This document will cover installation and administration points of Singularity for multi-tenant HPC resources and will not cover usage of the command line tools, container usage, or example use cases.


There are two common ways to install Singularity, from source code and via binary packages. This document will explain the process of installation from source, and it will depend on your build host to have the appropriate development tools and packages installed. For Red Hat and derivatives, you should install the following yum group to ensure you have an appropriately setup build server:

$ sudo yum groupinstall "Development Tools"

Downloading the Source

You can download the source code either from the latest stable tarball release or via the GitHub master repository. Here is an example downloading and preparing the latest development code from GitHub:

$ mkdir ~/git
$ cd ~/git
$ git clone
$ cd singularity
$ ./

Once you have downloaded the source, the following installation procedures will assume you are running from the root of the source directory.

Source Installation

The following example demonstrates how to install Singularity into /usr/local. You can install Singularity into any directory of your choosing, but you must ensure that the location you select supports programs running as SUID. It is common for people to disable SUID with the mount option nosuid for various network mounted file systems. To ensure proper support, it is easiest to make sure you install Singularity to a local file system.

Assuming that /usr/local is a local file system:

$ ./configure --prefix=/usr/local --sysconfdir=/etc
$ make
$ sudo make install

NOTE: The make install above must be run as root to have Singularity properly installed. Failure to install as root will cause Singularity to not function properly or have limited functionality when run by a non-root user.

Also note that when you configure, squashfs-tools is not required, however it is required for full functionality. You will see this message after the configuration:

mksquashfs from squash-tools is required for full functionality

If you choose not to install squashfs-tools, you will hit an error when your users try a pull from Docker Hub, for example.

Prefix in special places (–localstatedir)

As with most autotools-based build scripts, you are able to supply the --prefix argument to the configure script to change where Singularity will be installed. Care must be taken when this path is not a local filesystem or has atypical permissions. The local state directories used by Singularity at runtime will also be placed under the supplied --prefix and this will cause malfunction if the tree is read-only. You may also experience issues if this directory is shared between several hosts/nodes that might run Singularity simultaneously.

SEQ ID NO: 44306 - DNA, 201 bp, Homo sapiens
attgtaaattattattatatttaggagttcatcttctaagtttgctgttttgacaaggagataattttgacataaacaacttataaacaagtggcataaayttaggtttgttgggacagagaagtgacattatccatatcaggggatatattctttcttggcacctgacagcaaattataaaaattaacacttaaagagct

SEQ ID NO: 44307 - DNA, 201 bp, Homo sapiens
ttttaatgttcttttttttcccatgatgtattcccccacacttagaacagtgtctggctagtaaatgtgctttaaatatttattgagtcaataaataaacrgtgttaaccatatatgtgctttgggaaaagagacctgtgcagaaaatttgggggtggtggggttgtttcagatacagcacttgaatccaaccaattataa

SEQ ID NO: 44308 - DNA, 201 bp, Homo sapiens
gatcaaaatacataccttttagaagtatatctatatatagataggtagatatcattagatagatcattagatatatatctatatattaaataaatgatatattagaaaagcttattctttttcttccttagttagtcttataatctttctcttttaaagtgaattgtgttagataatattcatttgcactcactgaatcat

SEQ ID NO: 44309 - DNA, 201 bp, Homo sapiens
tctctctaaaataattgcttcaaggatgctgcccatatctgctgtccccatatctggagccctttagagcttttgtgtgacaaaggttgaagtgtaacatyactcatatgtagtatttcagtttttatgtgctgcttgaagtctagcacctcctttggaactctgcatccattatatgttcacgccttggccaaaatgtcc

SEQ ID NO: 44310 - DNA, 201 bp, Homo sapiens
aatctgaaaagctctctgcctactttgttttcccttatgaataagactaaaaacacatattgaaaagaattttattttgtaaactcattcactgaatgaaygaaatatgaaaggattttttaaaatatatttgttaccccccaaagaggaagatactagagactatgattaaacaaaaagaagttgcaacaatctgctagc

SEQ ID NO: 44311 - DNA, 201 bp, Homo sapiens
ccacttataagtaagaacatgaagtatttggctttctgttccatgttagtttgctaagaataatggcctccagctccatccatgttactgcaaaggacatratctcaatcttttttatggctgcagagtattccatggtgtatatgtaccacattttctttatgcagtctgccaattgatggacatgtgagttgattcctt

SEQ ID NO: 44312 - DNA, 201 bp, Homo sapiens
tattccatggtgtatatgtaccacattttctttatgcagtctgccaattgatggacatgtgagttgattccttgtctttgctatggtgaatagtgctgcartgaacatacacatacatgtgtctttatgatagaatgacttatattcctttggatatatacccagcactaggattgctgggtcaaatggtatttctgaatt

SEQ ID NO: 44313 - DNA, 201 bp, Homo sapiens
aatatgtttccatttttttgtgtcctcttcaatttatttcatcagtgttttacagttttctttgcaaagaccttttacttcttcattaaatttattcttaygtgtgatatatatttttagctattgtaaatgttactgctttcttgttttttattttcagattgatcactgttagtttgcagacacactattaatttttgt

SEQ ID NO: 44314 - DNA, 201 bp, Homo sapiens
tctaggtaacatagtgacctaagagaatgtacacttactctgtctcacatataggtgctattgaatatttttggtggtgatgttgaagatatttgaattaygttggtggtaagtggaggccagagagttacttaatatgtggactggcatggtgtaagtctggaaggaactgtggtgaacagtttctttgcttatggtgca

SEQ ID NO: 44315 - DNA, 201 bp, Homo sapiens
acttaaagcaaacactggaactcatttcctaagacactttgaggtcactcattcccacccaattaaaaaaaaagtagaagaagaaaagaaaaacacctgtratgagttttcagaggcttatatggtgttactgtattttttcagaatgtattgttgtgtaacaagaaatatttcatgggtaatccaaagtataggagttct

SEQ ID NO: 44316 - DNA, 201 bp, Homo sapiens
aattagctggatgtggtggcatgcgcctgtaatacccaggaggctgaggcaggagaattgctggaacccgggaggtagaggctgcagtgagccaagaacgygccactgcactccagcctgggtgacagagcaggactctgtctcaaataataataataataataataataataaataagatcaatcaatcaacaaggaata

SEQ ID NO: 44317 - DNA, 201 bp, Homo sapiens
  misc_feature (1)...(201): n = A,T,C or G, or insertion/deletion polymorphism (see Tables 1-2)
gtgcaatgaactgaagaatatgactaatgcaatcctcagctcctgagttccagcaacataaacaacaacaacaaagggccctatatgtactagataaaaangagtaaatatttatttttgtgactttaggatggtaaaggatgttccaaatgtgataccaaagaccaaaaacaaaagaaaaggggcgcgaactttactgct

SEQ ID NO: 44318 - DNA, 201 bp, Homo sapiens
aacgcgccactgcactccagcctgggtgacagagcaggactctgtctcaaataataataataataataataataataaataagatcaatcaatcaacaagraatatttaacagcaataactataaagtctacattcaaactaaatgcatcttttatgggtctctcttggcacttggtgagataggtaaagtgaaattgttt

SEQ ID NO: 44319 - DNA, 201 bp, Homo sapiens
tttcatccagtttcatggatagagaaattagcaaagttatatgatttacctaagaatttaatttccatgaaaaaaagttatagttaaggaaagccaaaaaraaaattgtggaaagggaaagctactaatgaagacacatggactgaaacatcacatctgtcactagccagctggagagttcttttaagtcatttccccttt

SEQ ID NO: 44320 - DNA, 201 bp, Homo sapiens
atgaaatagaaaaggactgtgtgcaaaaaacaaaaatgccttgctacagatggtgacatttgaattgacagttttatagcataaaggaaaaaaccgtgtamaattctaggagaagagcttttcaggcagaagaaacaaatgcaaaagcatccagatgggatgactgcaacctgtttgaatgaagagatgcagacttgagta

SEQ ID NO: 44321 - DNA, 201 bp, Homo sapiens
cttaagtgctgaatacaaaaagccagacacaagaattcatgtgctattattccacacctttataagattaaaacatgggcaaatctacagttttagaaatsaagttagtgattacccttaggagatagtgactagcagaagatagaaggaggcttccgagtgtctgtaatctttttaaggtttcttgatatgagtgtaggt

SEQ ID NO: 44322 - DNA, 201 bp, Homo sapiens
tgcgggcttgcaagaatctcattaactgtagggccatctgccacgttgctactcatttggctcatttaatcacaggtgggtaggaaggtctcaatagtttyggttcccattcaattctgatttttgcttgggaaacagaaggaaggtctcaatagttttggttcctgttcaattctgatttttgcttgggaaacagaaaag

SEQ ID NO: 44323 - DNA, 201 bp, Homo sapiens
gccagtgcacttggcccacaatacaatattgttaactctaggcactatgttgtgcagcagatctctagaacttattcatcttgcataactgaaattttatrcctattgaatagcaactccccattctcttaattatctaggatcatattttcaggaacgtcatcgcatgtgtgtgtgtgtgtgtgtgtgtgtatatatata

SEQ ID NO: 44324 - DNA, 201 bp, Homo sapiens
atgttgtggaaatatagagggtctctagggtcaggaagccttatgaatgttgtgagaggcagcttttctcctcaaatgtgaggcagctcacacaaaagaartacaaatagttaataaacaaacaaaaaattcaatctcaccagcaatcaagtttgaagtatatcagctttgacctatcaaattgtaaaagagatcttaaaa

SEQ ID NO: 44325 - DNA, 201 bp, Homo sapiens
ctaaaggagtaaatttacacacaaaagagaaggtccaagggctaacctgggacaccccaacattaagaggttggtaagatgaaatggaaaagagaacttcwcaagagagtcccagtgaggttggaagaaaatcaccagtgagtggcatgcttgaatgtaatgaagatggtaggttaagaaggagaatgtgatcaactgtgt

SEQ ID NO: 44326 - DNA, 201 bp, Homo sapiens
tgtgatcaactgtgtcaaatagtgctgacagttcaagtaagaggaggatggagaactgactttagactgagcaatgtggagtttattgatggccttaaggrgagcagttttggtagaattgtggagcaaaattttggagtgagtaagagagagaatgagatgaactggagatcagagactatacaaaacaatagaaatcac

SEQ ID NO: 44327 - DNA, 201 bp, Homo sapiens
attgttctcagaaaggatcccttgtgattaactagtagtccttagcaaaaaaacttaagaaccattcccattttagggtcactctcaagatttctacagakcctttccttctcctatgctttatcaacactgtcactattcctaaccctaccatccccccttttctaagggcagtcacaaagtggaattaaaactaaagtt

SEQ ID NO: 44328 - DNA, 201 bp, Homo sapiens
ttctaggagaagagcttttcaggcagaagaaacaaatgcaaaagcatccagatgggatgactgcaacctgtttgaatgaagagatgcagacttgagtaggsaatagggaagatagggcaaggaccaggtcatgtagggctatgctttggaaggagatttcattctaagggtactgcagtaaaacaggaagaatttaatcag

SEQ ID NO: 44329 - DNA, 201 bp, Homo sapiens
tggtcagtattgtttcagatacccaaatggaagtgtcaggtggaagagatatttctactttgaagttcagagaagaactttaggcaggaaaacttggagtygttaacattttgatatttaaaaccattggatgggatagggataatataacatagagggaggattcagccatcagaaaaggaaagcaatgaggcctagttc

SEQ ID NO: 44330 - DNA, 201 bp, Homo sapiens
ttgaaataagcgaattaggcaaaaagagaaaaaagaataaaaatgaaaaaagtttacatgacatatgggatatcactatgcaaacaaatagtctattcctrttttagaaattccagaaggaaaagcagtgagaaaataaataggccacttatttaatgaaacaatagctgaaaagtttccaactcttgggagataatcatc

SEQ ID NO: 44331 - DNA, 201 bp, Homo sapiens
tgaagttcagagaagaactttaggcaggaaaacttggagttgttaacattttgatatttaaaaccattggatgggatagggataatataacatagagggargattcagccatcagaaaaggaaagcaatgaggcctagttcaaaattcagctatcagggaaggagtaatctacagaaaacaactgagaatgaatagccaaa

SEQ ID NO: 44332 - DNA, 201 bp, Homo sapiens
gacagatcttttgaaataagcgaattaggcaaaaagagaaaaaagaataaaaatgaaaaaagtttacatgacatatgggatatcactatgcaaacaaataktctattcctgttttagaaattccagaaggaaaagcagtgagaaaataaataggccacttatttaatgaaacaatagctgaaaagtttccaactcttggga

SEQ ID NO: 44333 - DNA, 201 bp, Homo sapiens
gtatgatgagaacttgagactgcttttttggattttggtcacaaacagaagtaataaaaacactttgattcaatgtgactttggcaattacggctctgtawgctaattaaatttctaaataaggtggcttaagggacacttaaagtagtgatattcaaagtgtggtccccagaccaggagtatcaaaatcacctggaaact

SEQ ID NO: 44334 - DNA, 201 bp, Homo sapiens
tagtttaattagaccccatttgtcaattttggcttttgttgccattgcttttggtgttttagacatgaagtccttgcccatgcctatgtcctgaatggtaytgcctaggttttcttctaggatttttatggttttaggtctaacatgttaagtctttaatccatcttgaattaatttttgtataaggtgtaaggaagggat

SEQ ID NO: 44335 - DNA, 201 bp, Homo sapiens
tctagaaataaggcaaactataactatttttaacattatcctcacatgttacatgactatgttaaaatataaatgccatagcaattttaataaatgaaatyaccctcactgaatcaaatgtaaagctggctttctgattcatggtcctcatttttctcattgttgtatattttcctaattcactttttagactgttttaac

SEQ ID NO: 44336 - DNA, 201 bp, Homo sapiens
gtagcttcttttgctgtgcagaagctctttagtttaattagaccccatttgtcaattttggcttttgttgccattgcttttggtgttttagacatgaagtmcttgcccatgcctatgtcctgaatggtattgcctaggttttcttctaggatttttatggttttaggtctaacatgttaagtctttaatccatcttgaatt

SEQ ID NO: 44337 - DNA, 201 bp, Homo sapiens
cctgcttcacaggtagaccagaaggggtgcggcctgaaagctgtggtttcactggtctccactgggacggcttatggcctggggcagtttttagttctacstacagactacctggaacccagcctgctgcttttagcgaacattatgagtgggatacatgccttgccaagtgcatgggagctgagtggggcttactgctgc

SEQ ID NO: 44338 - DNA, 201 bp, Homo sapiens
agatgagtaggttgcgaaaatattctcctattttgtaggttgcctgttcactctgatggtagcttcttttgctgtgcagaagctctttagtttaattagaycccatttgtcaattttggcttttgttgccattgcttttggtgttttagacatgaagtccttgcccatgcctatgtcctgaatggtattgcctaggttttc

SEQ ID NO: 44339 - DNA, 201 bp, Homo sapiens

In such cases, you should specify the --localstatedir variable in addition to --prefix. This will override the prefix, instead placing the local state directories within the path explicitly provided. Ideally this should be within the local filesystem, specific to only a single host or node.

For example, the Makefile contains this variable by default:

CONTAINER_OVERLAY = ${prefix}/var/singularity/mnt/overlay

By supplying the configure argument --localstatedir=/some/other/place Singularity will instead be built with the following. Note that ${prefix}/var that has been replaced by the supplied value:

CONTAINER_OVERLAY = /some/other/place/singularity/mnt/overlay

In the case of cluster nodes, you will need to ensure the following directories are created on all nodes, with root:root ownership and 0755 permissions:


Singularity will fail to execute without these directories. They are normally created by the install make target; when using a local directory for --localstatedir these will only be created on the node make is run on.

Building an RPM directly from the source

Singularity includes all of the necessary bits to properly create an RPM package directly from the source tree, and you can create an RPM by doing the following:

$ ./configure
$ make dist
$ rpmbuild -ta singularity-*.tar.gz

Near the bottom of the build output you will see several lines like:

Wrote: /home/gmk/rpmbuild/SRPMS/singularity-2.3.el7.centos.src.rpm
Wrote: /home/gmk/rpmbuild/RPMS/x86_64/singularity-2.3.el7.centos.x86_64.rpm
Wrote: /home/gmk/rpmbuild/RPMS/x86_64/singularity-devel-2.3.el7.centos.x86_64.rpm
Wrote: /home/gmk/rpmbuild/RPMS/x86_64/singularity-debuginfo-2.3.el7.centos.x86_64.rpm

You will want to identify the appropriate path to the binary RPM that you wish to install, in the above example the package we want to install is singularity-2.3.el7.centos.x86_64.rpm, and you should install it with the following command:

$ sudo yum install /home/gmk/rpmbuild/RPMS/x86_64/singularity-2.3.el7.centos.x86_64.rpm

Note: If you want to have the binary RPM install the files to an alternative location, you should define the environment variable ‘PREFIX’ (below) to suit your needs, and use the following command to build:

$ PREFIX=/opt/singularity
$ rpmbuild -ta --define="_prefix $PREFIX" --define "_sysconfdir $PREFIX/etc" --define "_defaultdocdir $PREFIX/share" singularity-*.tar.gz

We recommend you look at our security admin guide to get further information about container privileges and mounting.